Anyway, that’s how I see it.  The bread that comes to us from heaven, comes as sustenance, yes; but it is primarily a sign and a promise.  For the Israelites who cried out in the wilderness, complaining against Moses and fearing they had been led into freedom only to die from hunger, God says No and rains down bread from heaven; food to eat and the assurance that God has not and will not ever abandon them.  When Elijah collapses beneath the broom tree, weary and spent, ready to surrender to death, God sends his angel to minister to him: a cake appears there on the ground before him, a sign that he was not then nor ever will be beyond the love and grace of God.  And when Jesus has compassion for the crowds and provides loaves and food for thousands, he does so as an expression of his own self-giving.  They came hungry and were fed, but the sign ultimately points to the one sent by God whose own flesh was to be bread for the life of the world.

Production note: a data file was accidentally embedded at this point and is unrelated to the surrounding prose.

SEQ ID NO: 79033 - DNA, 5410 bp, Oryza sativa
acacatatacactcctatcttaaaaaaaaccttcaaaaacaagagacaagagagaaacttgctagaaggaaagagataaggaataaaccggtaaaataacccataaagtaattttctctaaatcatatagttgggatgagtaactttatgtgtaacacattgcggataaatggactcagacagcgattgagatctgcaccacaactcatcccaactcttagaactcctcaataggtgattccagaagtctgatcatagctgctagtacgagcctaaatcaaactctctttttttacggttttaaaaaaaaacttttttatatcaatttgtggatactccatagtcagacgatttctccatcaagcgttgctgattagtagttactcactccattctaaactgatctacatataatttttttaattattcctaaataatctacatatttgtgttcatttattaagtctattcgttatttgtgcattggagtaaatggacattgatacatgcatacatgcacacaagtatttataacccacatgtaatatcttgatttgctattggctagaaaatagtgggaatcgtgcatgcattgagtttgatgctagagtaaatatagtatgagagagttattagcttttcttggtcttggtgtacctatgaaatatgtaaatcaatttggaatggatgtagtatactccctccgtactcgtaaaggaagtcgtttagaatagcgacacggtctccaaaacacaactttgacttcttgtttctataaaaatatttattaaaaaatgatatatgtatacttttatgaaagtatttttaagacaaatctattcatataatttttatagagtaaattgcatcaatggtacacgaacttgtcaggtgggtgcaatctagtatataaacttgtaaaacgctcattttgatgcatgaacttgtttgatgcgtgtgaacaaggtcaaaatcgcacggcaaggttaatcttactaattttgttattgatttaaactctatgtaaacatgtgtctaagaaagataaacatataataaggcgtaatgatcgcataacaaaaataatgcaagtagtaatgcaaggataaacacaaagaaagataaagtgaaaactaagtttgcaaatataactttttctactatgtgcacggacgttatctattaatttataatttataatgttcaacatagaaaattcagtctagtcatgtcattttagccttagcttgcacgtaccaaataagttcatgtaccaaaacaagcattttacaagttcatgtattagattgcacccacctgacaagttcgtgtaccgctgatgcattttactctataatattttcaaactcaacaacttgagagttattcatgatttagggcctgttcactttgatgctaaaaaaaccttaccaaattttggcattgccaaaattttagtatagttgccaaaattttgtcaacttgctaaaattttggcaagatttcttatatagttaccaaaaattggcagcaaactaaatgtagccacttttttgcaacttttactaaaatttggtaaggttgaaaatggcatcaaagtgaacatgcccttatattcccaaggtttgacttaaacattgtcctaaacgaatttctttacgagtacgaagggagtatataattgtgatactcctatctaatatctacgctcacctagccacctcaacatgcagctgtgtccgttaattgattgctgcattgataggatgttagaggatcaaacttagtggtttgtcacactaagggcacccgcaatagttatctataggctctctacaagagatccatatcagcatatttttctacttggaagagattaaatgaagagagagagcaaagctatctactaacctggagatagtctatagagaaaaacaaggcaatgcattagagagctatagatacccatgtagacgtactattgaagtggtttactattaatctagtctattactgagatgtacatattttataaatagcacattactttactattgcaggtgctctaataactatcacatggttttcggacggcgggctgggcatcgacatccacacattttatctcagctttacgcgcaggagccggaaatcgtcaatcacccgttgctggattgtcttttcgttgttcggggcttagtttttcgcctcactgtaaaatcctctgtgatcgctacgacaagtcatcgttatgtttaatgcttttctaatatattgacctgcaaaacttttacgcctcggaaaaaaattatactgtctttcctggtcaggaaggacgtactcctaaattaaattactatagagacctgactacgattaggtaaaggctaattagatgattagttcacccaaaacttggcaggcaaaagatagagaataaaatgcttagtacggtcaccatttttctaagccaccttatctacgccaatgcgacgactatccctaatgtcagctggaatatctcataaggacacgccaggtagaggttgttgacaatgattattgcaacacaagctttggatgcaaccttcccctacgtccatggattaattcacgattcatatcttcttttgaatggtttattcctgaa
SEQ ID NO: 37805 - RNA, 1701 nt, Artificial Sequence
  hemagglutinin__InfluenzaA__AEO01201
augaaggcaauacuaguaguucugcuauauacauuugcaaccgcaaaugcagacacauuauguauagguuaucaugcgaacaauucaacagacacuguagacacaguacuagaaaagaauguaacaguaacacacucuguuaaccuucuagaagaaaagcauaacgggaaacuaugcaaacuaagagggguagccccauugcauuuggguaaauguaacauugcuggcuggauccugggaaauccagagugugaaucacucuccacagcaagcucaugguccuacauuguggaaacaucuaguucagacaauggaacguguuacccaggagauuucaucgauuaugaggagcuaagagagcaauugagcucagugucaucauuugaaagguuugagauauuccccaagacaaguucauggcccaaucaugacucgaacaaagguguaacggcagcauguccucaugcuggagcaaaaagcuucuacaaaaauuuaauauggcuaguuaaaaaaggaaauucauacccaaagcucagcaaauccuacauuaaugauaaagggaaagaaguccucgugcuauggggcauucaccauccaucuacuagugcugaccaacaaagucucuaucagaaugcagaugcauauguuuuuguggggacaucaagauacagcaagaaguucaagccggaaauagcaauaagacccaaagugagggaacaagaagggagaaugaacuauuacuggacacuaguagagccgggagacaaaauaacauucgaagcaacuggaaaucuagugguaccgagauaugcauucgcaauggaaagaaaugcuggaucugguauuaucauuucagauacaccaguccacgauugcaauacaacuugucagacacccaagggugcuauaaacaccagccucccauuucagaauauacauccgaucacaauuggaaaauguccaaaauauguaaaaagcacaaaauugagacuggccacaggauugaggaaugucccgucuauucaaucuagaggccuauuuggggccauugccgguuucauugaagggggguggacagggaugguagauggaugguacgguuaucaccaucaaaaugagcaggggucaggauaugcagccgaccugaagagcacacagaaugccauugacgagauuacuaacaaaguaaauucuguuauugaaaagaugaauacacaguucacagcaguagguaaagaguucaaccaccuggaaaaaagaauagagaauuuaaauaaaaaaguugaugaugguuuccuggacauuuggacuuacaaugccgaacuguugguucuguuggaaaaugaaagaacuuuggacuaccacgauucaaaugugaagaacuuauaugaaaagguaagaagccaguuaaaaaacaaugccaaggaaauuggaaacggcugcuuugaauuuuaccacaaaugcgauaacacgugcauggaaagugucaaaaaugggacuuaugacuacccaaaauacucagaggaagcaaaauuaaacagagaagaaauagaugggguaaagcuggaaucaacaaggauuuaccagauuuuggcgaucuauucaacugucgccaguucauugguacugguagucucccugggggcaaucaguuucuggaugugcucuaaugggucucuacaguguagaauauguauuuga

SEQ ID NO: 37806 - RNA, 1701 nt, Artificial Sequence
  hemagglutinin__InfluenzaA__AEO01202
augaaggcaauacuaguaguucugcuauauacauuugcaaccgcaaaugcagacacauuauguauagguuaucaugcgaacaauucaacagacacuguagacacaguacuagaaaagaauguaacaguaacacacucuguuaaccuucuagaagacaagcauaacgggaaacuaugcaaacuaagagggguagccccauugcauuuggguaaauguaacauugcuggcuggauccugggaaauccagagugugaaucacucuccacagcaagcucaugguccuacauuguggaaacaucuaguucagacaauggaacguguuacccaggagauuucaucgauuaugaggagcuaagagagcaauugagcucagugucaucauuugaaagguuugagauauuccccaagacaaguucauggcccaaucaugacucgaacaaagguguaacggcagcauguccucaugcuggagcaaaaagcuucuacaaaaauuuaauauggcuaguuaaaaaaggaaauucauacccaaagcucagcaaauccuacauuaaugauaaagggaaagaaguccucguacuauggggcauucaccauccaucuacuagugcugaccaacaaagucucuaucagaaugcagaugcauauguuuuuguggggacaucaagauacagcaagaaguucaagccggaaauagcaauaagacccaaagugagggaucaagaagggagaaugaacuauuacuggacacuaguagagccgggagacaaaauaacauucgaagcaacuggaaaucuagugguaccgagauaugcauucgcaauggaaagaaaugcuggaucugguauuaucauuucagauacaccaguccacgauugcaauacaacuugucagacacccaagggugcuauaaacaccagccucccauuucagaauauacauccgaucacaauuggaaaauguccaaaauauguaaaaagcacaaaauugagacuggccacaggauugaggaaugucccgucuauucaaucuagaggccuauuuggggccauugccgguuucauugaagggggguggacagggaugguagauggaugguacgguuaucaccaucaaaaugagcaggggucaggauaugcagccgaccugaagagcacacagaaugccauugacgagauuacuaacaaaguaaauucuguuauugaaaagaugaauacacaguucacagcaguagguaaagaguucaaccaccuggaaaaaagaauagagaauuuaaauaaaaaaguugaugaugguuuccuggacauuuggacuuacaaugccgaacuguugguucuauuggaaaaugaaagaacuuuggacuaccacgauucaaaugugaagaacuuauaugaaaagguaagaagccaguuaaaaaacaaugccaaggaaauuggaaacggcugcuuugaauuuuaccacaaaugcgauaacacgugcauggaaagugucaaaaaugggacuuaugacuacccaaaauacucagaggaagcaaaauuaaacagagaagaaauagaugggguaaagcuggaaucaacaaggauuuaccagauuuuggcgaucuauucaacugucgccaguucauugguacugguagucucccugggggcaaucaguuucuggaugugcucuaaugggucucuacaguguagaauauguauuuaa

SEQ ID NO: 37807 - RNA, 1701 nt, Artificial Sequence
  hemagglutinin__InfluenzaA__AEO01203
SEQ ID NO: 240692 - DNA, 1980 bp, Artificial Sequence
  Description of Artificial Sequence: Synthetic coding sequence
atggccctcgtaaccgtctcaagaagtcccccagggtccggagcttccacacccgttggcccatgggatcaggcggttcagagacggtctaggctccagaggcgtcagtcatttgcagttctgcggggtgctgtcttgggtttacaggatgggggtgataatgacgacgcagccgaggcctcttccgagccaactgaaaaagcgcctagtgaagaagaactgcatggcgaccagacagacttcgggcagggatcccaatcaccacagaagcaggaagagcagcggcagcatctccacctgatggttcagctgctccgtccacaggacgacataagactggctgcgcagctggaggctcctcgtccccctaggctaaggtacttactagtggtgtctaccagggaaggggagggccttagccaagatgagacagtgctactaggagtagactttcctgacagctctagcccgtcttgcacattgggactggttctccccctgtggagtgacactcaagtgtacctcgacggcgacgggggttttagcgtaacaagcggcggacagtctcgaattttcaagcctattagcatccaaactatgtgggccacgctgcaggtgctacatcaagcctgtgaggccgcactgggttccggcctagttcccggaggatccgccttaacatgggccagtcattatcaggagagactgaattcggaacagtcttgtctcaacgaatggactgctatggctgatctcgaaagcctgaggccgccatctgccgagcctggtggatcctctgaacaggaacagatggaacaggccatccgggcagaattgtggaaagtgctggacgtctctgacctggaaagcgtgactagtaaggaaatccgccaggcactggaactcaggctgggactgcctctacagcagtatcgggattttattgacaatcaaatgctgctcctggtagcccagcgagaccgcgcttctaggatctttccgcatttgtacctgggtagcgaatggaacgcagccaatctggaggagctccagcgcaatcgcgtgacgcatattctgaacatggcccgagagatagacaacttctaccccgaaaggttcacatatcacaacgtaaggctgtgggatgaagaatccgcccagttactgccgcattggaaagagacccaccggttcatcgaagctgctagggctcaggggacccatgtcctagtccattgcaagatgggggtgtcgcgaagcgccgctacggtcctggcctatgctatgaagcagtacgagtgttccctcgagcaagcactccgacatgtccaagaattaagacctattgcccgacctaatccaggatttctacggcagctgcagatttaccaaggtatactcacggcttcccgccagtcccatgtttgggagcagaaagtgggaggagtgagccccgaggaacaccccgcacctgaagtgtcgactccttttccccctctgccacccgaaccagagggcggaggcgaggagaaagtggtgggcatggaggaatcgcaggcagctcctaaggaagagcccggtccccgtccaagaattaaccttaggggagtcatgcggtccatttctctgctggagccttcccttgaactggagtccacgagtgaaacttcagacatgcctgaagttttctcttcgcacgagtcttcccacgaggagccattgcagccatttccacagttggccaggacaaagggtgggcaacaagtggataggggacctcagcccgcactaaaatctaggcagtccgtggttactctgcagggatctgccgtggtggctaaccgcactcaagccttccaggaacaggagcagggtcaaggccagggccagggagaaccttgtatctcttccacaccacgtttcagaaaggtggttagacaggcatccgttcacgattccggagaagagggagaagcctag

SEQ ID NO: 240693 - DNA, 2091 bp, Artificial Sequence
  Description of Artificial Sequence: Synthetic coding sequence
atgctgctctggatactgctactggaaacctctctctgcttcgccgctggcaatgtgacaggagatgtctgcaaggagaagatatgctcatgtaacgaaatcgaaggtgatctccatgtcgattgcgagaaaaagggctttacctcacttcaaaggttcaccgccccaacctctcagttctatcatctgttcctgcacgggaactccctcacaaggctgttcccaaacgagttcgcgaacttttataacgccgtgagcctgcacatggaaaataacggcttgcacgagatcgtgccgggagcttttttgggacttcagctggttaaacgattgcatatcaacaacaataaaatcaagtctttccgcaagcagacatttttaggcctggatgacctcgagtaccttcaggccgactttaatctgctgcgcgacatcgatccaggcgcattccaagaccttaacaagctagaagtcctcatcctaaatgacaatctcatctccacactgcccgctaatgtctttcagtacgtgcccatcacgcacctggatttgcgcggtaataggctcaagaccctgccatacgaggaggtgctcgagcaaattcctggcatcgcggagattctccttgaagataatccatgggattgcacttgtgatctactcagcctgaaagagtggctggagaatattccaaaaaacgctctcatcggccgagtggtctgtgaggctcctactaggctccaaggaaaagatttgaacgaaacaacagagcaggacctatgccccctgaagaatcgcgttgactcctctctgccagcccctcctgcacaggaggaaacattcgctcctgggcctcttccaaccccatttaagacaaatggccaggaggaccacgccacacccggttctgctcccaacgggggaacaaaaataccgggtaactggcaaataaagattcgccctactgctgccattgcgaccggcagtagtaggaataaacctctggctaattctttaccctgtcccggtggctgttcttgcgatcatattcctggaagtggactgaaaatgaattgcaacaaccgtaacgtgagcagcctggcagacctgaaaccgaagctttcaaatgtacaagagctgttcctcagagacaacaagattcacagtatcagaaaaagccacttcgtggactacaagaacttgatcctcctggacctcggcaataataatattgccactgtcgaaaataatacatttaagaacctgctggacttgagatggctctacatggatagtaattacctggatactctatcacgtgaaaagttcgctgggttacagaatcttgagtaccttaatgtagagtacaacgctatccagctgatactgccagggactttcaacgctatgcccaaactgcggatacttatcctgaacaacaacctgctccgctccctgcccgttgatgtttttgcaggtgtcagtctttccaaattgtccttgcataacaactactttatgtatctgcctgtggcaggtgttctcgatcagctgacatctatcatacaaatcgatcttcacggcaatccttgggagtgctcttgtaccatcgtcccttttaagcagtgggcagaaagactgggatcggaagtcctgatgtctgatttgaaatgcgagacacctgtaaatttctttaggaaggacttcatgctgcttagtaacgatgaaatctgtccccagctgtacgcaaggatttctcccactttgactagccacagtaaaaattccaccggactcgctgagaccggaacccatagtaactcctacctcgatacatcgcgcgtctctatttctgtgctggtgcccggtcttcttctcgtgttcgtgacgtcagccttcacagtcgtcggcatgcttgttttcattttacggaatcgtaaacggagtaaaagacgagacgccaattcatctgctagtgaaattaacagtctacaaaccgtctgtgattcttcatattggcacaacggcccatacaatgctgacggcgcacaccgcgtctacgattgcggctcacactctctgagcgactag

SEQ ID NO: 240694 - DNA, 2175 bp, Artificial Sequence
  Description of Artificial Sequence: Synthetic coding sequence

Once the sign, the bread, has been pressed into your hand; once the promise has been sealed upon your heart; there is no way out, no way to escape the grace and mercy of God.  No peril nor hardship nor sword.  No height nor depth.  Not even death, itself.  Nothing in all of creation can separate one of us from the love of God in Christ Jesus our Lord.  It’s madness, really, to believe such a thing.  That God loves us that much; that God has claimed us forever; that we are his and Jesus gave himself that we—you and I—might come to his table on this warm August morning and taste the sweetness of the promise.  I have seen the wonder of that promise realized in the faces of those who have taken the bread in eagerness and in tears.  In that moment there is nothing except Jesus, his self-giving love, and his promise:  broken and given for you and for me and forever.